Usually, temporarily stopping the infusion or reducing infusion rate could resolve these symptoms without further therapy. In nearly all patients could resume pegylated liposomal doxorubicin treatment after all symptoms have resolved without recurrence. After the first cycle of pegylated liposomal doxorubicin treatment, the infusion reactions rarely recurred.
There was stomatitis reported in patients receiving continuous infusions of conventional doxorubicin HCl and was frequently reported in patients receiving pegylated liposomal doxorubicin. It did not interrupt the treatment and no need to adjust dosage, unless it affects a patient's eating ability. Otherwise, prolong the dose interval by 1 or 2 weeks or reduce the dosage.
Palmar-Plantar erythrodysesthesia (PPE), characterized by painful, macular reddening skin eruptions, is generally seen after 2 or 3 cycles of treatment. No matter whether treater with corticosteroid or not, it usually disappears within 1-2 weeks. Pyridoxine at a dose of 50-150 mg per day has been used for the prophylaxis and treatment of PPE. Other strategies to prevent and treat PPE may be initiated 4-7 days after pegylated liposomal doxorubicin treatment. Immerse hands and feet in cold water (soaks, baths or swimming) to keep them cool. Avoid to contact heat or hot water and keep hands and feet unrestricted (no socks, gloves or shoes that are tight fitting). This reaction is related to dose regimen. Prolonging dose interval 1 to 2 weeks or reducing dose could improve it. If the reaction was severe or patients feel very then the treatment may be required to be discontinued.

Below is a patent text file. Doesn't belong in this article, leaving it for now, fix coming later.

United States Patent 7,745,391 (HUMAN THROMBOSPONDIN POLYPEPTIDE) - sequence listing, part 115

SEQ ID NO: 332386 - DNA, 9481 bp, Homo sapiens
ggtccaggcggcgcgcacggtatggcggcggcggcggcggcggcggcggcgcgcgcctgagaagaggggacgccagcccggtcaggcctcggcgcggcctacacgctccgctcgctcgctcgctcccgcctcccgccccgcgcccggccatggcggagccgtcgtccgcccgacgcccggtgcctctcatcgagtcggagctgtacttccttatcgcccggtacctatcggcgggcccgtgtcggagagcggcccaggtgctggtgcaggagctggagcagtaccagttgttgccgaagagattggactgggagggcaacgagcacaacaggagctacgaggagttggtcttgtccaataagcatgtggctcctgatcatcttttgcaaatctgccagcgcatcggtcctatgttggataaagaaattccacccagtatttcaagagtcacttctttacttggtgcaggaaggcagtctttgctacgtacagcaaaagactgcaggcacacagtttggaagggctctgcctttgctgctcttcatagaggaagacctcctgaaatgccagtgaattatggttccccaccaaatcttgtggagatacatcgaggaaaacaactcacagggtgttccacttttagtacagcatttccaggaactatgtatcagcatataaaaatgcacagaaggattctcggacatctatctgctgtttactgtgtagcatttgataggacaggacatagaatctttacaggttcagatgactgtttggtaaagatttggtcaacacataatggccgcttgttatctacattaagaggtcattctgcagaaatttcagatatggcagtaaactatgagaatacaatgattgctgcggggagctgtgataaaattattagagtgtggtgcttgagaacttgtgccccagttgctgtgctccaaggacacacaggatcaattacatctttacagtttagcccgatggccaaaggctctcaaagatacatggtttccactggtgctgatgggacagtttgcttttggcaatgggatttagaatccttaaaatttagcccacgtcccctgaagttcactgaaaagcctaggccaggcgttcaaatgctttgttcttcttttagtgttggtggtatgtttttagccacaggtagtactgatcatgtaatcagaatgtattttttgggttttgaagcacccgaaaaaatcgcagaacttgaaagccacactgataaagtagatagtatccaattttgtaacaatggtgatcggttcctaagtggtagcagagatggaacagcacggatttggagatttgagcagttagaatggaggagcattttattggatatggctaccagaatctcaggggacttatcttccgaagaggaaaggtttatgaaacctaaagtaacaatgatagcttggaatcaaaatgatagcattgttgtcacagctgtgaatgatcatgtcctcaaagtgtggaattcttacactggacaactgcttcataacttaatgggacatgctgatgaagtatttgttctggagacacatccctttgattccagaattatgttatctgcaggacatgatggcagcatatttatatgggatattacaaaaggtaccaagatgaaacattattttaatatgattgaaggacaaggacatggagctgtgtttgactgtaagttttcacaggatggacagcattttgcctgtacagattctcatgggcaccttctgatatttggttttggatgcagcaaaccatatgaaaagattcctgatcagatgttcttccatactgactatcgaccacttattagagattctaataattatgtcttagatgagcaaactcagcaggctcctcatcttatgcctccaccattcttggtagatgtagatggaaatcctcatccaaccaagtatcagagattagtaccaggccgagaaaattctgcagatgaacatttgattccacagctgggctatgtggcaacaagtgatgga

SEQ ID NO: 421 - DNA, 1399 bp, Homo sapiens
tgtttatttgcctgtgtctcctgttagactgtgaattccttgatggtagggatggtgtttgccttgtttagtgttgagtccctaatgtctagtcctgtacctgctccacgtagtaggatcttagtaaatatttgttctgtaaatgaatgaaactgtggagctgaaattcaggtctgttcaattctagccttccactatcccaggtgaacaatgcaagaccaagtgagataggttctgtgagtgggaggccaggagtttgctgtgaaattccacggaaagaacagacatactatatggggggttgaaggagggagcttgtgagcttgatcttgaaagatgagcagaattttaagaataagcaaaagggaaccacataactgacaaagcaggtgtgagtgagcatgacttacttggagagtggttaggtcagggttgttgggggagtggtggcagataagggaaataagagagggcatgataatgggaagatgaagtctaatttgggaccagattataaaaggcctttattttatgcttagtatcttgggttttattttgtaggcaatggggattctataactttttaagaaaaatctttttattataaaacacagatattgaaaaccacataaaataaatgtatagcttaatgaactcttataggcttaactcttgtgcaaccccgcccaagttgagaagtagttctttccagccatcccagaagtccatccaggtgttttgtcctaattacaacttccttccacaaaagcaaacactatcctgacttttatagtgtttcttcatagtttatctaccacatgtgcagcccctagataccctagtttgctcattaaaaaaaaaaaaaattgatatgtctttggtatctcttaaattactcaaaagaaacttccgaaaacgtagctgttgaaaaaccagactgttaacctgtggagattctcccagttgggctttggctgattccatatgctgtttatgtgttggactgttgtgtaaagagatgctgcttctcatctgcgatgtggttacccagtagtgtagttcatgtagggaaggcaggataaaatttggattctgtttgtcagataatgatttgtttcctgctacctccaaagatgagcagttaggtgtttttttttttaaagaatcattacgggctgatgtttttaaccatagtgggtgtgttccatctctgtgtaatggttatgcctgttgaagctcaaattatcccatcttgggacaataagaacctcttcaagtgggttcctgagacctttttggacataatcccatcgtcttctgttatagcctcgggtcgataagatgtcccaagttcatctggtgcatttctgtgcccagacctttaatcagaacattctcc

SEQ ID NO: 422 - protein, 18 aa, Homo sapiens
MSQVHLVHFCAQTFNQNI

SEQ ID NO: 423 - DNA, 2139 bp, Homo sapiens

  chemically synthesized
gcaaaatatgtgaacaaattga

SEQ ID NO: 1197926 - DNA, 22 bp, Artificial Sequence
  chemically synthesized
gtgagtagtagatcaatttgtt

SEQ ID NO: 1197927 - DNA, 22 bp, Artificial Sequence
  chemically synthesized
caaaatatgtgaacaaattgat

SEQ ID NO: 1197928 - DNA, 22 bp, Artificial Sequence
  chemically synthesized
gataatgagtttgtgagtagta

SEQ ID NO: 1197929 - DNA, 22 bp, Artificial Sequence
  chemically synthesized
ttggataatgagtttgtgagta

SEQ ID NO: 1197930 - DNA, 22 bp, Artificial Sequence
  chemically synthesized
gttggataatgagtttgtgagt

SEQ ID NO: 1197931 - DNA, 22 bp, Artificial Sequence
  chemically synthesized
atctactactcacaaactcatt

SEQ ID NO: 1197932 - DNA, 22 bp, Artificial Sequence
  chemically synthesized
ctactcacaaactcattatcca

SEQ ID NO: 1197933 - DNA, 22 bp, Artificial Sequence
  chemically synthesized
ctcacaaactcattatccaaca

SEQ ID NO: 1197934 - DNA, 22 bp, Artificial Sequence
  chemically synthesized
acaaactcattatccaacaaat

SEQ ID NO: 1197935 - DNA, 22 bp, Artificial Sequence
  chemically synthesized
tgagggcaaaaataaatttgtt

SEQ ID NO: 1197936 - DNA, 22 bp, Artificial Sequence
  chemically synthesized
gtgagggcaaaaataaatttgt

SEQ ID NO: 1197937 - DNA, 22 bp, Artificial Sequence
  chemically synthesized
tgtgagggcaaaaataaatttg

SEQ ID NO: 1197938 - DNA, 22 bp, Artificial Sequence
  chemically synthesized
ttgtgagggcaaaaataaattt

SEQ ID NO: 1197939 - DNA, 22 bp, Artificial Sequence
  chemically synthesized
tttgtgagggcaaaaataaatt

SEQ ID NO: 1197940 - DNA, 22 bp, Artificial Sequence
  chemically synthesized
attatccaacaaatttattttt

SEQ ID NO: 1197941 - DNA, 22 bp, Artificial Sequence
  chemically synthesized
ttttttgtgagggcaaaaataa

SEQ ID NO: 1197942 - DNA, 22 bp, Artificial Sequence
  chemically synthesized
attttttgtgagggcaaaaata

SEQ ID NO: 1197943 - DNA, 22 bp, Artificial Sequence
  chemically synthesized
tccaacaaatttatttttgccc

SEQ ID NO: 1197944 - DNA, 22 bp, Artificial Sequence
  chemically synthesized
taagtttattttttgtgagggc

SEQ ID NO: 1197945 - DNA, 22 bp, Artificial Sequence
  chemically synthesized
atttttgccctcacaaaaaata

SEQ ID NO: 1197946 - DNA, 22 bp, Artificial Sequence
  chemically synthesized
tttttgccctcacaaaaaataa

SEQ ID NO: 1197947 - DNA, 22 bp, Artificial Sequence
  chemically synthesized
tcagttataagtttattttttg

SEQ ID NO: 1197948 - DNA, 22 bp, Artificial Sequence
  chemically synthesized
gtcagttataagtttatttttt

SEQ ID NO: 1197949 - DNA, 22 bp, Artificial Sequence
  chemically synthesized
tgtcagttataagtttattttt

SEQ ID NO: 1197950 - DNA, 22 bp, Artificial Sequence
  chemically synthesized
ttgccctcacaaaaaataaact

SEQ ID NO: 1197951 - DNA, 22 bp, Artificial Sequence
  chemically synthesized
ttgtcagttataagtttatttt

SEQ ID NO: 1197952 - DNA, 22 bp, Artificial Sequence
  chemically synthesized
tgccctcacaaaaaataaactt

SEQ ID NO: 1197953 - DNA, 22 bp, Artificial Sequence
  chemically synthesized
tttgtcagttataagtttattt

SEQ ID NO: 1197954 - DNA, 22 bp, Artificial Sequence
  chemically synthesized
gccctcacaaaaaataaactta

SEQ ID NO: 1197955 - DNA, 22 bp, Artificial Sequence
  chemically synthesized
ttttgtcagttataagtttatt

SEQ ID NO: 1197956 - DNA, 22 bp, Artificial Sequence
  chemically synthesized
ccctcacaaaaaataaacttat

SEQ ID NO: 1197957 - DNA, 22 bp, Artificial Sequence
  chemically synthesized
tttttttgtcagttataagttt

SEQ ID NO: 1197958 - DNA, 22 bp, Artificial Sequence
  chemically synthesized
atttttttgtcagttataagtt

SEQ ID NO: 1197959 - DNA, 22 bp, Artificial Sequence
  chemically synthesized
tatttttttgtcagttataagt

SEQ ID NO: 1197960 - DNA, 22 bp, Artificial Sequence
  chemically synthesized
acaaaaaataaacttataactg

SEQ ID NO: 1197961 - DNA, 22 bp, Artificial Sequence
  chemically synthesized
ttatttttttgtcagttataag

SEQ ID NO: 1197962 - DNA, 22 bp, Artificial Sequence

Treatment of conventional doxorubicin HCl at cumulative doses of lifetime was above 450 mg/m2 or at lower doses for patients with cardiac risk factors, may increase the incidence of congestive heart failure. However, in 10 AIDS-KS patients receiving pegylated liposomal doxorubicin treatment and cumulative doses exceeding 460 mg/m2, endomyocardial biopsies on 9 patients do not show anthracycline-induced cardiomyopathy. The recommended dosage of pegylated liposomal doxorubicin for AIDS-KS patients is 20 mg/m2 every 2 to 3 weeks. Cumulative doses (>400 mg/m2) which may cause cardiotoxicity, a main concern in AIDS-KS patients, will require more than 20 courses within 40 to 60 weeks.
In addition, endomyocardial biopsies were performed in 8 solid tumor patients with cumulative anthracycline doses of 509-1680 mg/m2. These range of Billingham cardiotoxicity scores were grades 0-1.5. These grading scores are consistent with no or minor cardiac toxicity.
In the pivotal Phase III trial (pegylated liposomal doxorubicin versus conventional doxorubicin, 10/254 patients randomized to receive pegylated liposomal doxorubicin (at a dose of 50 mg/m2 every 4 weeks) versus 48/255 patients randomized to receive conventional doxorubicin met the protocol-defined criteria for cardiac toxicity during treatment and/or follow-up. Cardiac toxicity was defined as a decrease of 20 points or greater from baseline if the resting LVEF remained in the normal range or a decrease of 10 points or greater if the LVEF became abnormal (less than the lower limit for normal). Patients were also assessed for signs and symptoms of congestive heart failure (CHF). None of the 10 pegylated liposomal doxorubicin-treated patients developed signs and symptoms of CHF.
The recurrence of skin reaction due to prior radiotherapy is very rarely seen in pegylated liposomal doxorubicin HCl administration.